Researchers Launch Binational Effort to Prevent Type 2 Diabetes Along U.S.-Mexico Border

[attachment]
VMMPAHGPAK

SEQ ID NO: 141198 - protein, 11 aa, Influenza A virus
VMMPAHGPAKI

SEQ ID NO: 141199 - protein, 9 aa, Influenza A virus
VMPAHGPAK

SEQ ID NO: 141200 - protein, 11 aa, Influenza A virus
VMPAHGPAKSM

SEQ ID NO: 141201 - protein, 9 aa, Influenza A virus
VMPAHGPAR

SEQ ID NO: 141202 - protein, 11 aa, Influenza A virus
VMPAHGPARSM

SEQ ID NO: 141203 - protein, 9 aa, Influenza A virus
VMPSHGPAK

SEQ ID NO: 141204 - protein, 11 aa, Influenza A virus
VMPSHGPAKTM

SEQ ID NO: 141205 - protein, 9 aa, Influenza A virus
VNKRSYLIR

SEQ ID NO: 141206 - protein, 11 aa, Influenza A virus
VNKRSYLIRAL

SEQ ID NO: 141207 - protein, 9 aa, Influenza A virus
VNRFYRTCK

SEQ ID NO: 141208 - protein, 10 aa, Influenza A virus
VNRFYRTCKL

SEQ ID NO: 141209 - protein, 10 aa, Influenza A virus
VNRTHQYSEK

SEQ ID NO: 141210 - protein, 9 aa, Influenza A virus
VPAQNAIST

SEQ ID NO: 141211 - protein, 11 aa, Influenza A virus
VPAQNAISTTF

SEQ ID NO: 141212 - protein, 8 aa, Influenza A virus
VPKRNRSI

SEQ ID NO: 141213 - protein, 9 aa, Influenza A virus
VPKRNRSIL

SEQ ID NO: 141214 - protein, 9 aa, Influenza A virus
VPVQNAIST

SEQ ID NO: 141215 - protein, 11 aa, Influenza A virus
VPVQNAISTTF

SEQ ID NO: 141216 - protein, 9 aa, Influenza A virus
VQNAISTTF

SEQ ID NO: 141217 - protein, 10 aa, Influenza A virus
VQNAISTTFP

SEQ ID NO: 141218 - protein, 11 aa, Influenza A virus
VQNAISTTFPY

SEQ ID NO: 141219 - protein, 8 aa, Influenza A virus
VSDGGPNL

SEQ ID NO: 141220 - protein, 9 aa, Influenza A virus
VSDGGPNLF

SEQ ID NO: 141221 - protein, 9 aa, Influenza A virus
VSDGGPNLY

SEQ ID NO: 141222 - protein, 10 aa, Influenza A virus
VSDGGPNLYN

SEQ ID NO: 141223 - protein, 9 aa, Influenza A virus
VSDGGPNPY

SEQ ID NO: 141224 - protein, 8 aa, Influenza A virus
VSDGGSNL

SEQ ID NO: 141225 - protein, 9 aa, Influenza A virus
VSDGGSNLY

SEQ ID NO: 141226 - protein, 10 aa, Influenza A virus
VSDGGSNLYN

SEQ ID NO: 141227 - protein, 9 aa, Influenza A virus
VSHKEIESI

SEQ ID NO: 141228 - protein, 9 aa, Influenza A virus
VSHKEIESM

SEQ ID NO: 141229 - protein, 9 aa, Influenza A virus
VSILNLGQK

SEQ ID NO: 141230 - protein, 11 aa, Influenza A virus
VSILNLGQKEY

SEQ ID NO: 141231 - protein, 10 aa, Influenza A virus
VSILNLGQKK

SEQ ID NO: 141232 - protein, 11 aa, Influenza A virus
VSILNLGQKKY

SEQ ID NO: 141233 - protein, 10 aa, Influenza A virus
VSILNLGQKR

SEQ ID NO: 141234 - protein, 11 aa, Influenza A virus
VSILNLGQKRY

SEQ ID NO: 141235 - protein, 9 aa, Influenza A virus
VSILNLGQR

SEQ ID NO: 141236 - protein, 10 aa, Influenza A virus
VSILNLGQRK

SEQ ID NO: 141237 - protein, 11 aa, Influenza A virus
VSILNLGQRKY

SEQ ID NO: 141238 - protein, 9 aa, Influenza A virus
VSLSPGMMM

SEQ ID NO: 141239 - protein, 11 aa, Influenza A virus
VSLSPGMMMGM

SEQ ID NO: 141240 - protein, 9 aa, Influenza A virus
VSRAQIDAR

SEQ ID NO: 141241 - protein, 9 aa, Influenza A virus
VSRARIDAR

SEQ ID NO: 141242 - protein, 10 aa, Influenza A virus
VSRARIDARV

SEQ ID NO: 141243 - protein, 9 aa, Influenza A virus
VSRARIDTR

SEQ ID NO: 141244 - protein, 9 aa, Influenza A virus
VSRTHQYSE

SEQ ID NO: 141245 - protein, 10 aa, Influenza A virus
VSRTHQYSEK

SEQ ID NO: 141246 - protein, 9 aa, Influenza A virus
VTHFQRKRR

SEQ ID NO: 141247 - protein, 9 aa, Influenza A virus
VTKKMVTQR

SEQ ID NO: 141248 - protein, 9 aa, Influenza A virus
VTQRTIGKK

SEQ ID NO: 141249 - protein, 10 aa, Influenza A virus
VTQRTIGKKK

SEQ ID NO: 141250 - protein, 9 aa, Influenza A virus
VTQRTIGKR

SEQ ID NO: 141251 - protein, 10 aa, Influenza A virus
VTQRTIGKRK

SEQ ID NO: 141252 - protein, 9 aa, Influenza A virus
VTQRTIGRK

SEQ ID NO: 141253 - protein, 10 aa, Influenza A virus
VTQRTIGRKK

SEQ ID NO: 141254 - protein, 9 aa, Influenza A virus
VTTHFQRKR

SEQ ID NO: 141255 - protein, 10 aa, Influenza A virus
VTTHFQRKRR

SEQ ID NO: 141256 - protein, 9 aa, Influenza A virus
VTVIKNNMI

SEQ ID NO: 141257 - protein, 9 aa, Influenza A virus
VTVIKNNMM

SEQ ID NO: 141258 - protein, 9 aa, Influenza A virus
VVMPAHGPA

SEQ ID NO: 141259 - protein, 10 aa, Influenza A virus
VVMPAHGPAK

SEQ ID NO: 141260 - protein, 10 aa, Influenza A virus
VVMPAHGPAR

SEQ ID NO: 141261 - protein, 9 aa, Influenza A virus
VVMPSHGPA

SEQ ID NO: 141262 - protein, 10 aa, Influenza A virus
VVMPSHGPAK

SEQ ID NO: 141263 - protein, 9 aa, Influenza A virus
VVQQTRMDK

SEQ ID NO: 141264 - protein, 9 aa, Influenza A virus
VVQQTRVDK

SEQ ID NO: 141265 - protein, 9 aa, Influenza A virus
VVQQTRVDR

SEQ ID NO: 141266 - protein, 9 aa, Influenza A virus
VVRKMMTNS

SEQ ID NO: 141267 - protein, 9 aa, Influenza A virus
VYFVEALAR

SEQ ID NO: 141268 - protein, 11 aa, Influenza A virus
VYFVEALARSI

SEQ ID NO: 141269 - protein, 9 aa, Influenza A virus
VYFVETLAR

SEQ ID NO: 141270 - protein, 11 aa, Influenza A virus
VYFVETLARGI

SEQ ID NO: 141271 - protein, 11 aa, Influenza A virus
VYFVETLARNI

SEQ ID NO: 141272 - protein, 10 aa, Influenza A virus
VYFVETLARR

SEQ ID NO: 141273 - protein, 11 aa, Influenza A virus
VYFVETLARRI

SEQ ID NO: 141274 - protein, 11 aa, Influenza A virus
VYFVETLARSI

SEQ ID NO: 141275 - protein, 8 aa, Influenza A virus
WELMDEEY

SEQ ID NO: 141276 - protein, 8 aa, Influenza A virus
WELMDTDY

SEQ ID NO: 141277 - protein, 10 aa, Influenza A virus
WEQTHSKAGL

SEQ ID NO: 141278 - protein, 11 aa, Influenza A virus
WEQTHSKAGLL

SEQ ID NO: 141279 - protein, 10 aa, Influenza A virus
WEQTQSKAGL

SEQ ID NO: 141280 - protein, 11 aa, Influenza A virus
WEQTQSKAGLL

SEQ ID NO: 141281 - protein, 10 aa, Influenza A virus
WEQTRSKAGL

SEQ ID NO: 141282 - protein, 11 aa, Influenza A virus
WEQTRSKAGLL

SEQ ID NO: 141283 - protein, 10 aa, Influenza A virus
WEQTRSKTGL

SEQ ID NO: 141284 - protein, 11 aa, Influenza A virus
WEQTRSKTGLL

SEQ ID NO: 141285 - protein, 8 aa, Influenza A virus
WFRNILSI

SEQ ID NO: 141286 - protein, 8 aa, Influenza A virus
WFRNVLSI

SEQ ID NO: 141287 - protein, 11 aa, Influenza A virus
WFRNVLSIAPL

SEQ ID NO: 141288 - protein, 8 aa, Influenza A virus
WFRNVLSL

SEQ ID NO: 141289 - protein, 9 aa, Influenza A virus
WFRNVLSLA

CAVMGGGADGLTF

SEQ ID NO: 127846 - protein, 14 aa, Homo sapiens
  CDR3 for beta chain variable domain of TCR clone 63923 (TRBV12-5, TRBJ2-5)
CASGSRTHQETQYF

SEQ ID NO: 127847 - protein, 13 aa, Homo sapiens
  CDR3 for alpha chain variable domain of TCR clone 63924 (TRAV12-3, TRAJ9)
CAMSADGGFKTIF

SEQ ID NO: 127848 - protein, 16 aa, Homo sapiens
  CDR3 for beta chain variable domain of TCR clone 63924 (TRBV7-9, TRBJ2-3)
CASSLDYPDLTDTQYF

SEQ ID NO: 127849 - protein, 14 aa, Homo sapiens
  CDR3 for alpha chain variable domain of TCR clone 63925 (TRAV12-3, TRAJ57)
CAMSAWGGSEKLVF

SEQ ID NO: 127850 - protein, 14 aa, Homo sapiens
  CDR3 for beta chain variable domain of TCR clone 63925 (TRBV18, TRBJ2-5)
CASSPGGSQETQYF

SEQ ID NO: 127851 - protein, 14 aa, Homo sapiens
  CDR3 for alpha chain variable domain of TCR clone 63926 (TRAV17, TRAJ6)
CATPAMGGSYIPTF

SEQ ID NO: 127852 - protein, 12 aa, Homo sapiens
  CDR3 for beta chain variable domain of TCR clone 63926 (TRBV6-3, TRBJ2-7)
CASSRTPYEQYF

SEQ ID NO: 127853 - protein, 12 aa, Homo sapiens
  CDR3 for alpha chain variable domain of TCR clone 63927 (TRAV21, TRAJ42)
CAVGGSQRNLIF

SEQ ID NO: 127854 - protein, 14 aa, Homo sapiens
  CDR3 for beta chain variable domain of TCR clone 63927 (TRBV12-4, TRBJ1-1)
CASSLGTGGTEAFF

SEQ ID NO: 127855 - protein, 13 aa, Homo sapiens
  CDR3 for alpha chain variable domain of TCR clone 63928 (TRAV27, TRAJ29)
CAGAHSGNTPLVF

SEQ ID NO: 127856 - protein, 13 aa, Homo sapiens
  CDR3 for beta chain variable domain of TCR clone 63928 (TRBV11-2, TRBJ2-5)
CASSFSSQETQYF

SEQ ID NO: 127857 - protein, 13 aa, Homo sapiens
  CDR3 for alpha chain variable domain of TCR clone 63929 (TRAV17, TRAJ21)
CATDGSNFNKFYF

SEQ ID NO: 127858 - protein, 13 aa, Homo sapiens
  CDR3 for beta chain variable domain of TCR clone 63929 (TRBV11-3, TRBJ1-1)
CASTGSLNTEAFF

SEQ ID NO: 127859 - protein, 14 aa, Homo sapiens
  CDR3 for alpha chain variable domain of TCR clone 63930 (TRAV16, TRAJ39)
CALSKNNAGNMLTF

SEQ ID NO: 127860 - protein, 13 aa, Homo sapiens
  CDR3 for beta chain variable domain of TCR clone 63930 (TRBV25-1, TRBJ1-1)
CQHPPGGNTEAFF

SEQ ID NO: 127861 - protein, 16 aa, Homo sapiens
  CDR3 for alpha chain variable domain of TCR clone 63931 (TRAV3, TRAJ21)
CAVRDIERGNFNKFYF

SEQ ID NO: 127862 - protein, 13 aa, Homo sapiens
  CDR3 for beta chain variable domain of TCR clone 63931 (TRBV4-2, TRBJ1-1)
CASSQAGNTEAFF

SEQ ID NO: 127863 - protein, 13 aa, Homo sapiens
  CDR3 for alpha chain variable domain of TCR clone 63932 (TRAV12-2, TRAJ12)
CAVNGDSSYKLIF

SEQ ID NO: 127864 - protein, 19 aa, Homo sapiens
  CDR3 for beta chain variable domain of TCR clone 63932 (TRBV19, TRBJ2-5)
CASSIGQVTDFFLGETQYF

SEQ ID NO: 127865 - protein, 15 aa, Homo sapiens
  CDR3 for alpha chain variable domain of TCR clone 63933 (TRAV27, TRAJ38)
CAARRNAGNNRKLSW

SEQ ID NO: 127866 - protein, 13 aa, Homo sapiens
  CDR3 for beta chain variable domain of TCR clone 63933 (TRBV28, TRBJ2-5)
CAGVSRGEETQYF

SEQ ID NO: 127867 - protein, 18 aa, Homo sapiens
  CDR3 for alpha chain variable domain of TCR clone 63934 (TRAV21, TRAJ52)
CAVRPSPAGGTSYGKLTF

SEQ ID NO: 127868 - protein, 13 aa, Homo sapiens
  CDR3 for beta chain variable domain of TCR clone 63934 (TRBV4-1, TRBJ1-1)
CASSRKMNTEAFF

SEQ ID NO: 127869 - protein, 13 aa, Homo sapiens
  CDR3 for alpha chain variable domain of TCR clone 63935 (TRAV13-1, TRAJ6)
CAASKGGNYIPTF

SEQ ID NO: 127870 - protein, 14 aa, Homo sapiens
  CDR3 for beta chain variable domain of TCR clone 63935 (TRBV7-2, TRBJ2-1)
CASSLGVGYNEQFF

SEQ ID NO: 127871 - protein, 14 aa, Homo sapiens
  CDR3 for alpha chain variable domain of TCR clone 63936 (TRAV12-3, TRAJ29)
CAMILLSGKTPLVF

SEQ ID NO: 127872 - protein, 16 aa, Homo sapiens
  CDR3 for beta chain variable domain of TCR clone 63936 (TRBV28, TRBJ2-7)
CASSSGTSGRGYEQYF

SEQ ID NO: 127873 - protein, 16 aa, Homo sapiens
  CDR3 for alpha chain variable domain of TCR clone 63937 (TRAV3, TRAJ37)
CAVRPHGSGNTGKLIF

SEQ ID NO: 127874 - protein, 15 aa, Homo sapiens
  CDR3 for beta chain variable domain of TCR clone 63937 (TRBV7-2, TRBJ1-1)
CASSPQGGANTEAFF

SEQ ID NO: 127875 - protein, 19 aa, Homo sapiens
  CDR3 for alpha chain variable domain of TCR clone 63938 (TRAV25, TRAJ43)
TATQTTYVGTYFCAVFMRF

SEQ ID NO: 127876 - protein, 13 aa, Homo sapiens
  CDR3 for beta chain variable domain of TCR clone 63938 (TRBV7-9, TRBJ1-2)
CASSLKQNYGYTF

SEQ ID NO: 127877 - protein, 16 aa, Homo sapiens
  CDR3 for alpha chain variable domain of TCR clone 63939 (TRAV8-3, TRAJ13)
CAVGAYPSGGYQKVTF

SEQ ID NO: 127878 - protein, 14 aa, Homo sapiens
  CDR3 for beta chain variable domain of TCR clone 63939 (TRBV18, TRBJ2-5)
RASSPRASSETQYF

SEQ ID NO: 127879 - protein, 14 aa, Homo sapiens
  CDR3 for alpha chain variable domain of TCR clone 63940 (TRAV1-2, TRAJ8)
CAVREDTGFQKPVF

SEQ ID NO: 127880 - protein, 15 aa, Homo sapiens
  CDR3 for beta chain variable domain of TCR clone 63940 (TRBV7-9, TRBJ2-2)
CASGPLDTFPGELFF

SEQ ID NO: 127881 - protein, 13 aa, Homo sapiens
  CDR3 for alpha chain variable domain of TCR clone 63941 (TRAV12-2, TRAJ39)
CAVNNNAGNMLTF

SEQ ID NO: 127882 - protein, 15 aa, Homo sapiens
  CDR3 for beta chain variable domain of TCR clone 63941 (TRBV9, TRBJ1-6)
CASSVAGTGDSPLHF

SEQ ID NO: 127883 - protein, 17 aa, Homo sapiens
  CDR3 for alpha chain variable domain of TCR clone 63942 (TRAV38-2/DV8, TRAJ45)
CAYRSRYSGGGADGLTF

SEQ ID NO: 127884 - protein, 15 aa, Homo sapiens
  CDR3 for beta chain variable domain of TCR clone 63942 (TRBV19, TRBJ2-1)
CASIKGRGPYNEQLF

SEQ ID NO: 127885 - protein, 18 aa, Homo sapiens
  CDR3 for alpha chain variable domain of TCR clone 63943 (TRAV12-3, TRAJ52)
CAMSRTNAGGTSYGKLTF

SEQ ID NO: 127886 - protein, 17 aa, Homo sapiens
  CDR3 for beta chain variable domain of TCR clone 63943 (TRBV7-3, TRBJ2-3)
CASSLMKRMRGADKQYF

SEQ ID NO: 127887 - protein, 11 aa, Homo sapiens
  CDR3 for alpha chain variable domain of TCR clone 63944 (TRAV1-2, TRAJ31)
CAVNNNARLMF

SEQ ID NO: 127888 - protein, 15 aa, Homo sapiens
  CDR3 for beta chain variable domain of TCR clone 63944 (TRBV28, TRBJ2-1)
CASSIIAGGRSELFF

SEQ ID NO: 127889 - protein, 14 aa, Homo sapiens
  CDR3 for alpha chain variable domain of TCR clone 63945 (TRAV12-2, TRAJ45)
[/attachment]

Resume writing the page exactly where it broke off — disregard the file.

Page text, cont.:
A "groundbreaking binational study" along the U.S.-Mexico border, where the rates of death and illness from diabetes are two to three times higher than in any other place in both countries, will investigate the "prevalence" of the disease and ways to "create treatment and prevention programs," the Los Angeles Times reports. The five-month study is part of a five-year project led by the Pan American Health Organization, and involves state, federal and nongovernmental agencies. In California, the study will be funded by the not-for-profit California Endowment. Of the 11 million people living along the border, 10% have diabetes, and the number of cases is increasing 5% each year. The Times reports that the border region was selected for study since ethnicity and poverty issues, including malnutrition, are "major factor[s]" for increasing diabetes risks. Diabetes is "particularly prevalent" among Mexican Americans, and about 70% of the population in the region is of Mexican ancestry. To develop treatment and prevention programs, the study will examine access to health care in the region and "consider culture." Oscar De La Riva, who is coordinating the study in California, said, "It's important to have a healthy diet and exercise. But, you don't want to tell them, for example, not to eat tortillas." The first year of the study will focus on Type 2 diabetes, which afflicts 90% of those with the disease, and will analyze causes and community awareness of diabetes. In years two through four, treatment and prevention programs will be implemented, with the fifth year of study dedicated to reviewing program effectiveness (Nguyen, Los Angeles Times, 2/28).This is part of the California Healthline Daily Edition, a summary of health policy coverage from major news organizations. Sign up for an email subscription.